~ Children are precious cargo – motorists must take responsibility to ensure children arrive alive ~
TALLAHASSEE, Fla. – This month, the Florida Department of Highway Safety and Motor Vehicles (DHSMV) is reminding motorists to focus on child safety in vehicles as well as on and around Florida roads. DHSMV is partnering with the Florida Department of Children and Families, Florida Department of Education, Florida Department of Health, Florida Sheriffs Association, Florida Police Chiefs Association and the Florida Chapter of the American Academy of Pediatrics to recognize August 2016 as Child Safety Awareness Month.
“Children are our most precious cargo and it’s critical for all motorists to take extra caution when a child is in or around a motor vehicle, even in your own driveway,” said DHSMV Executive Director Terry L. Rhodes. “In the heat of the Florida summer, when more children will be out on the road preparing for the start of school, it is very important to remember that whether driving through a school zone or taking a family trip, motorists must do everything possible to ensure our children arrive alive.”
Throughout the month of August, the department will be educating the public regarding all aspects of child safety on Florida roads, including: occupant protection and proper seat restraints, not leaving children in hot cars and safety in and around school zones and school buses. Preliminarily in 2015, there were 66,091 crashes in Florida involving children under the age of 18, resulting in 25,992 injuries and 149 fatalities, a 25 percent increase in fatalities from 2013.
DHSMV data shows the following:
|Crashes involving children <18||56, 084||60,659||66,091|
|Injuries involving children <18||22,578||23,949||25,992|
|Fatalities involving children <18||120||121||149|
*Source: Florida Department of Highway Safety and Motor Vehicles preliminary data as of June 13, 2016.
“It is critically important to ensure the safety of our children in vehicles as they travel our state’s roadways. That means properly restraining children according to their age, size and weight,” said Colonel Gene S. Spaulding, Director of the Florida Highway Patrol (FHP). “FHP encourages everyone in the vehicle to buckle up, including passengers in the back seat. Remember, as the caregivers for these young lives, it’s your responsibility to ensure they are safe.”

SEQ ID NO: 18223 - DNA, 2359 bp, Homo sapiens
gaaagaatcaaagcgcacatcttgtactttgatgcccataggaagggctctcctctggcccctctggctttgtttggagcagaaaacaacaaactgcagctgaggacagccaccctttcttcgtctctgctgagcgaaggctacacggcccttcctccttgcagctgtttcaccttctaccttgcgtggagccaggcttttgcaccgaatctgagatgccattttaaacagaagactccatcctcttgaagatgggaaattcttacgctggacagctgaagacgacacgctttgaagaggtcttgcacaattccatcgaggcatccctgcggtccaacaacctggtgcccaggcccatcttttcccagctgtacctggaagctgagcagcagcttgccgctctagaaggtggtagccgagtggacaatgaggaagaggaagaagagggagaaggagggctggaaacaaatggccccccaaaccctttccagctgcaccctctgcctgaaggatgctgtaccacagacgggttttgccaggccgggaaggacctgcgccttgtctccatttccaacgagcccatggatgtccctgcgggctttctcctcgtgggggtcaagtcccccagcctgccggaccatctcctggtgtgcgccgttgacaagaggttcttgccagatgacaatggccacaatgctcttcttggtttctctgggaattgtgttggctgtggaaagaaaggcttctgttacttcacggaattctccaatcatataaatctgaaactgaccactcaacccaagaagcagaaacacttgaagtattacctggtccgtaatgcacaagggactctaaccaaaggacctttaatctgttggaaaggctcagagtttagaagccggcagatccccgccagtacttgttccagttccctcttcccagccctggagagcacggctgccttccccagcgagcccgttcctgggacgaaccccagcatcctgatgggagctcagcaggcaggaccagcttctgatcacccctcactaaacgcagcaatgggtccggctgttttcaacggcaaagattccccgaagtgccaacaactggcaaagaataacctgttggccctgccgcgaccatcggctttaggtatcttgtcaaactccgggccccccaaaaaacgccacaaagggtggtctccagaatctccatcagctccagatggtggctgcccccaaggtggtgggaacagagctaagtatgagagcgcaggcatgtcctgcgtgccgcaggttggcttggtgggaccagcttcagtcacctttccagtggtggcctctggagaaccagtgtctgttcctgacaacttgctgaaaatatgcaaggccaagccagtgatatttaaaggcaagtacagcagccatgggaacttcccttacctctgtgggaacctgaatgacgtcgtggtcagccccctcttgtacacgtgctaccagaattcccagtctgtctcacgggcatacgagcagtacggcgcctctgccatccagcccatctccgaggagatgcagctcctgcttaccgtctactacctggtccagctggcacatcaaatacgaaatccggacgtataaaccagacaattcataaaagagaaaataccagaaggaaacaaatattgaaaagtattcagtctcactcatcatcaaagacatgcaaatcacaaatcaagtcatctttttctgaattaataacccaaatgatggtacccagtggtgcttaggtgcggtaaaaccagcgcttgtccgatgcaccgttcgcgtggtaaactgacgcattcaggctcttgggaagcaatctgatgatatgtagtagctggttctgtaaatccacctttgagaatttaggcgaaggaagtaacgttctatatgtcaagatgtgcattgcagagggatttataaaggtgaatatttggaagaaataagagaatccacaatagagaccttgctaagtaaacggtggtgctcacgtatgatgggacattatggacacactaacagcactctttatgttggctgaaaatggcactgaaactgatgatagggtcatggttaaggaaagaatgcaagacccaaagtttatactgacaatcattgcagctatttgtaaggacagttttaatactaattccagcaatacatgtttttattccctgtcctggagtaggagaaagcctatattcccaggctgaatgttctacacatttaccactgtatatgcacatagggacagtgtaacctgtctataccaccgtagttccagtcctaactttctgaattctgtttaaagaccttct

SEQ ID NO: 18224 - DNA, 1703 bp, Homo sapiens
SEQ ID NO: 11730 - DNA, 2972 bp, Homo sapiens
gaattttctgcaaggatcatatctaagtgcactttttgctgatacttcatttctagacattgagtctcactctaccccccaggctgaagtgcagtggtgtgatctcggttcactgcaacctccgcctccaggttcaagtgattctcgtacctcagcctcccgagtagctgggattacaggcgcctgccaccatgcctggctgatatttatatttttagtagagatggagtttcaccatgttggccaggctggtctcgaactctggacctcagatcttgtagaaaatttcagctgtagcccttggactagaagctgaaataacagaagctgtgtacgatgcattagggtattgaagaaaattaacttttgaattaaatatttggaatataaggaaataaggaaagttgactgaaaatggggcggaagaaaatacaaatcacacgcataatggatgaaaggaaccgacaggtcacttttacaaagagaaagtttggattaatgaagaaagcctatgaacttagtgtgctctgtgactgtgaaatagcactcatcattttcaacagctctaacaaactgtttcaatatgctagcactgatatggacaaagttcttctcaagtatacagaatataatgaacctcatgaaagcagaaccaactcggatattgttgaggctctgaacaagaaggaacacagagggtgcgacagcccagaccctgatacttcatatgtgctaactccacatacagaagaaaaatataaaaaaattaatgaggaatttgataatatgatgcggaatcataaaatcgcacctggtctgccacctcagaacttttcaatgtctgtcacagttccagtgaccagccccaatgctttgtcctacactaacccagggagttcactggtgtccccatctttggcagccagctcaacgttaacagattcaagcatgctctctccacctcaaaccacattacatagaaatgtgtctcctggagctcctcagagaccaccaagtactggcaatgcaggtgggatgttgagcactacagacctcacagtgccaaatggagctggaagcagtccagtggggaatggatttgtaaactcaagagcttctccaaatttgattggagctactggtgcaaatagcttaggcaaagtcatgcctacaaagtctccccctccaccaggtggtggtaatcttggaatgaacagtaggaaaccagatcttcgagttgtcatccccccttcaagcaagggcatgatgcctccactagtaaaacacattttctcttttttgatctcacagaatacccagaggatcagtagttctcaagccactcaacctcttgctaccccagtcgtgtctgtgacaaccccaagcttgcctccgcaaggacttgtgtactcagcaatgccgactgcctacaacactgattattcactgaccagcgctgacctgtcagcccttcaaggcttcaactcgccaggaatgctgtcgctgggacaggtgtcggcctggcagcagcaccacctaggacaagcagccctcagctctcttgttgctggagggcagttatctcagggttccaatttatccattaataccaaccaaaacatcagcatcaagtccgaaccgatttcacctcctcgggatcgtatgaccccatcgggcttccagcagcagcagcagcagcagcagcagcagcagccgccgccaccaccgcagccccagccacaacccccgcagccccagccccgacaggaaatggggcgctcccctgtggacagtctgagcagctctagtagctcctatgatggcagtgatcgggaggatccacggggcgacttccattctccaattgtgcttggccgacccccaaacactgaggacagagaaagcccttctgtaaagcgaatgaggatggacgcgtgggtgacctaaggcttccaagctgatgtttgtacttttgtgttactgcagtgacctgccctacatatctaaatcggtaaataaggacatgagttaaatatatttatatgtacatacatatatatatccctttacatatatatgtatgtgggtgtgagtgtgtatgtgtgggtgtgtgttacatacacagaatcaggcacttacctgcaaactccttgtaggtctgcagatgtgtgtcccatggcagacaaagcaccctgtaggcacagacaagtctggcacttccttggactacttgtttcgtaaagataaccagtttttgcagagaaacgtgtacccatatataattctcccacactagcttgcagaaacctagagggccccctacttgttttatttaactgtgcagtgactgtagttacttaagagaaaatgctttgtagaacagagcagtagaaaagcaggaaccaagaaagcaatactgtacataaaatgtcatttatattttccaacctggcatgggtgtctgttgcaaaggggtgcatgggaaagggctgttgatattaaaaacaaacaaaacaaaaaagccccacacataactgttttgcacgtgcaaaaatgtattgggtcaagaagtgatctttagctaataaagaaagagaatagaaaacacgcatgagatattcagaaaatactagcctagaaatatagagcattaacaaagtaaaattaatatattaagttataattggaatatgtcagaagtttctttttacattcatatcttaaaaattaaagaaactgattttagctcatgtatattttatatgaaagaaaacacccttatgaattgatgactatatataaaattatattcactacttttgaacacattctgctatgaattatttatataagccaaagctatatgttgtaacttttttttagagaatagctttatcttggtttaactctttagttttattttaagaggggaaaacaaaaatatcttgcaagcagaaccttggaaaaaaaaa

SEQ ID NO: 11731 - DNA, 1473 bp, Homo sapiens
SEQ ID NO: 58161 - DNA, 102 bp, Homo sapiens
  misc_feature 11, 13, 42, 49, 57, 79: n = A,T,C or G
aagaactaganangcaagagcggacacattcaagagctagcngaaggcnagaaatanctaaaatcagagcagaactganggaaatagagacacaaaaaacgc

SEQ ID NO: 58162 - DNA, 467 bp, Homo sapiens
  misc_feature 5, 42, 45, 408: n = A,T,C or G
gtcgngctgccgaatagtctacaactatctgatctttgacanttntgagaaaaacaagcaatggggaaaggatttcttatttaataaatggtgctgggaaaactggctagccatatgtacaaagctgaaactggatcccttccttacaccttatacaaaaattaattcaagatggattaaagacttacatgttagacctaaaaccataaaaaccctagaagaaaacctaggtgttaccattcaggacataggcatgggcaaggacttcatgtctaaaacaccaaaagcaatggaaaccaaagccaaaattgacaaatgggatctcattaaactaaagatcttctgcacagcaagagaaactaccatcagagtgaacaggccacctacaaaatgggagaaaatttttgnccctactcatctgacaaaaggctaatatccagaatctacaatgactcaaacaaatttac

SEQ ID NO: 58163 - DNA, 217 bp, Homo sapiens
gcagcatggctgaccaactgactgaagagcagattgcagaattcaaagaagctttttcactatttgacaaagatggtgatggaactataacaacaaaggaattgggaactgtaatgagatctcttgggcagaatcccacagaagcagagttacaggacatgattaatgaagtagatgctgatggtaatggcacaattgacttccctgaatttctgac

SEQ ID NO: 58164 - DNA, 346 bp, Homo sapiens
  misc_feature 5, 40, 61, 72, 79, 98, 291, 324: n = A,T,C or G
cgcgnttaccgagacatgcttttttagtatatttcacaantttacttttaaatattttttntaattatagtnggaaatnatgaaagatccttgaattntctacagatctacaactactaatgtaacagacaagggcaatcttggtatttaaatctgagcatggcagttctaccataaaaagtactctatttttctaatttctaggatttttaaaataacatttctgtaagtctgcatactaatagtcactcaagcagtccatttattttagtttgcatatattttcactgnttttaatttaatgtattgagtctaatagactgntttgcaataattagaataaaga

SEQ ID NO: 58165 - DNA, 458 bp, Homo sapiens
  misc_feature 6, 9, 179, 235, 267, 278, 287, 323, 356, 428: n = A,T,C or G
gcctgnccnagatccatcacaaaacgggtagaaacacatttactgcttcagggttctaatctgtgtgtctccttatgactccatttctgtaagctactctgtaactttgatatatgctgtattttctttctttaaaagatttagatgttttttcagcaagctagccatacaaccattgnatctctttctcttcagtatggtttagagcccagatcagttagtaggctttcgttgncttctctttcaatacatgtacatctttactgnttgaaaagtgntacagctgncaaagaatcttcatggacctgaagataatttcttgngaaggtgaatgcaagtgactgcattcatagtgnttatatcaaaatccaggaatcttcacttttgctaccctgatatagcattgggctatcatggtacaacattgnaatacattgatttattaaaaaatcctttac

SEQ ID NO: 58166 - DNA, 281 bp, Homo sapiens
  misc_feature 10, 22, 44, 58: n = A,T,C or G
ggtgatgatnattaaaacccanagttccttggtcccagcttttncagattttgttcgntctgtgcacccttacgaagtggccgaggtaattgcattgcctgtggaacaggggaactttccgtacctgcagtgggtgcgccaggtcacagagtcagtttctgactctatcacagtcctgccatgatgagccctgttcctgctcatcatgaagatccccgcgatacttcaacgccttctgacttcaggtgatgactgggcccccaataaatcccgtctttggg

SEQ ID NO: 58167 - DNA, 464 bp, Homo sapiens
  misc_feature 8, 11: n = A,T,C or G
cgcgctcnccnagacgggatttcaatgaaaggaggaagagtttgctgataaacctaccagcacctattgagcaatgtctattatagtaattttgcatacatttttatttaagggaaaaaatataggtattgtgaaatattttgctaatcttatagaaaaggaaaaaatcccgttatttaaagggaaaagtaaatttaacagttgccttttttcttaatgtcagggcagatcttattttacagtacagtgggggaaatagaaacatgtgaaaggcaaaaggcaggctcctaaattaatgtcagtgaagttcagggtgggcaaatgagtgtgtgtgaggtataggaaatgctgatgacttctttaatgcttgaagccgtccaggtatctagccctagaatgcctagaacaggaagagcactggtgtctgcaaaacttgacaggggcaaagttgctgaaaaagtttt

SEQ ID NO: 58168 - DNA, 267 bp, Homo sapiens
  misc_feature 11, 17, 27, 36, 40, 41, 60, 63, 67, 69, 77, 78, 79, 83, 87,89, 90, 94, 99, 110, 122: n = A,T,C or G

Preliminary numbers show that in 2015, 1,165 children were injured wearing no safety restraint in a vehicle and law enforcement issued more than 21,000 citations to motorists for not properly securing children in a vehicle. Florida law requires that all drivers and all passengers under the age of 18 wear a safety belt.
More than 200 children under the age of six were injured in crashes not wearing any type of seat restraint. FHP has several members that are car seat certified who can help identify the best child seat to fit a child, can ensure the seat is properly fitted in a car and can check that the seat is being used correctly every time. Starting Friday, August 5, FHP will begin offering free car seat checks and installations for motorists who bring their current car seat to local FHP Troop stations on the first Friday of every month. A full list of locations and contacts to make an appointment can be found on the department website.
The department and its partners are also reminding motorists to never leave a child unattended or unsupervised in a motor vehicle. It is extremely hot, especially during the Florida summer, and leaving a child in a car can result in the child’s injury or death.